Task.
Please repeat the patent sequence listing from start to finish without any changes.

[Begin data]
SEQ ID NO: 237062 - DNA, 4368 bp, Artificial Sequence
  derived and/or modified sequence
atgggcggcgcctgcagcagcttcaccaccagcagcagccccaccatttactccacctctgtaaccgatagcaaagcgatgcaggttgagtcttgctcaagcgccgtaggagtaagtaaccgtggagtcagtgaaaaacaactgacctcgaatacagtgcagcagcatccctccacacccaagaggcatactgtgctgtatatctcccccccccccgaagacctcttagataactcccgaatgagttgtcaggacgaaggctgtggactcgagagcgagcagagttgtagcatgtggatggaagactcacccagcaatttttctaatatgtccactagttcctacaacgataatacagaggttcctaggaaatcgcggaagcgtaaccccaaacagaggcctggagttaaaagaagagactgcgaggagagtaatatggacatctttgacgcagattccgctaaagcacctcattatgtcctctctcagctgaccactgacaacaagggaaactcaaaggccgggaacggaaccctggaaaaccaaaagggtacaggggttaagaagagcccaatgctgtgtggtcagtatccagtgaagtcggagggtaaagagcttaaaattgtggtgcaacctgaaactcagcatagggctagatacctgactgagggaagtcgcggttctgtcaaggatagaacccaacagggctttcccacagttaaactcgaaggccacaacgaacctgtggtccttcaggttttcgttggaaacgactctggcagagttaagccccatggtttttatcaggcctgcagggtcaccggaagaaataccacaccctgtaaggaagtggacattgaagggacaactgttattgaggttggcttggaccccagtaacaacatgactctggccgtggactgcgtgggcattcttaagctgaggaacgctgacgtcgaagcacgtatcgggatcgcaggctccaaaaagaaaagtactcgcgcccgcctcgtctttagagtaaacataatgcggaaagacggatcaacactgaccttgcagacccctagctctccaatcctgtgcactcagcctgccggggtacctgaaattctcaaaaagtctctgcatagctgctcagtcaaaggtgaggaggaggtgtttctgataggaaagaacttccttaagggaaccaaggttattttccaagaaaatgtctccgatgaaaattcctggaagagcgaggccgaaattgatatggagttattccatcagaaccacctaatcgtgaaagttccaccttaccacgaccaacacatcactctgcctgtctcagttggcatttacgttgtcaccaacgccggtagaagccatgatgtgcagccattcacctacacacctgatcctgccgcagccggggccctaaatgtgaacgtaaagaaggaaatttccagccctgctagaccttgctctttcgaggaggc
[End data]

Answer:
SEQ ID NO: 237062 - DNA, 4368 bp, Artificial Sequence
  derived and/or modified sequence
atgggcggcgcctgcagcagcttcaccaccagcagcagccccaccatttactccacctctgtaaccgatagcaaagcgatgcaggttgagtcttgctcaagcgccgtaggagtaagtaaccgtggagtcagtgaaaaacaactgacctcgaatacagtgcagcagcatccctccacacccaagaggcatactgtgctgtatatctcccccccccccgaagacctcttagataactcccgaatgagttgtcaggacgaaggctgtggactcgagagcgagcagagttgtagcatgtggatggaagactcacccagcaatttttctaatatgtccactagttcctacaacgataatacagaggttcctaggaaatcgcggaagcgtaaccccaaacagaggcctggagttaaaagaagagactgcgaggagagtaatatggacatctttgacgcagattccgctaaagcacctcattatgtcctctctcagctgaccactgacaacaagggaaactcaaaggccgggaacggaaccctggaaaaccaaaagggtacaggggttaagaagagcccaatgctgtgtggtcagtatccagtgaagtcggagggtaaagagcttaaaattgtggtgcaacctgaaactcagcatagggctagatacctgactgagggaagtcgcggttctgtcaaggatagaacccaacagggctttcccacagttaaactcgaaggccacaacgaacctgtggtccttcaggttttcgttggaaacgactctggcagagttaagccccatggtttttatcaggcctgcagggtcaccggaagaaataccacaccctgtaaggaagtggacattgaagggacaactgttattgaggttggcttggaccccagtaacaacatgactctggccgtggactgcgtgggcattcttaagctgaggaacgctgacgtcgaagcacgtatcgggatcgcaggctccaaaaagaaaagtactcgcgcccgcctcgtctttagagtaaacataatgcggaaagacggatcaacactgaccttgcagacccctagctctccaatcctgtgcactcagcctgccggggtacctgaaattctcaaaaagtctctgcatagctgctcagtcaaaggtgaggaggaggtgtttctgataggaaagaacttccttaagggaaccaaggttattttccaagaaaatgtctccgatgaaaattcctggaagagcgaggccgaaattgatatggagttattccatcagaaccacctaatcgtgaaagttccaccttaccacgaccaacacatcactctgcctgtctcagttggcatttacgttgtcaccaacgccggtagaagccatgatgtgcagccattcacctacacacctgatcctgccgcagccggggccctaaatgtgaacgtaaagaaggaaatttccagccctgctagaccttgctctttcgaggaggc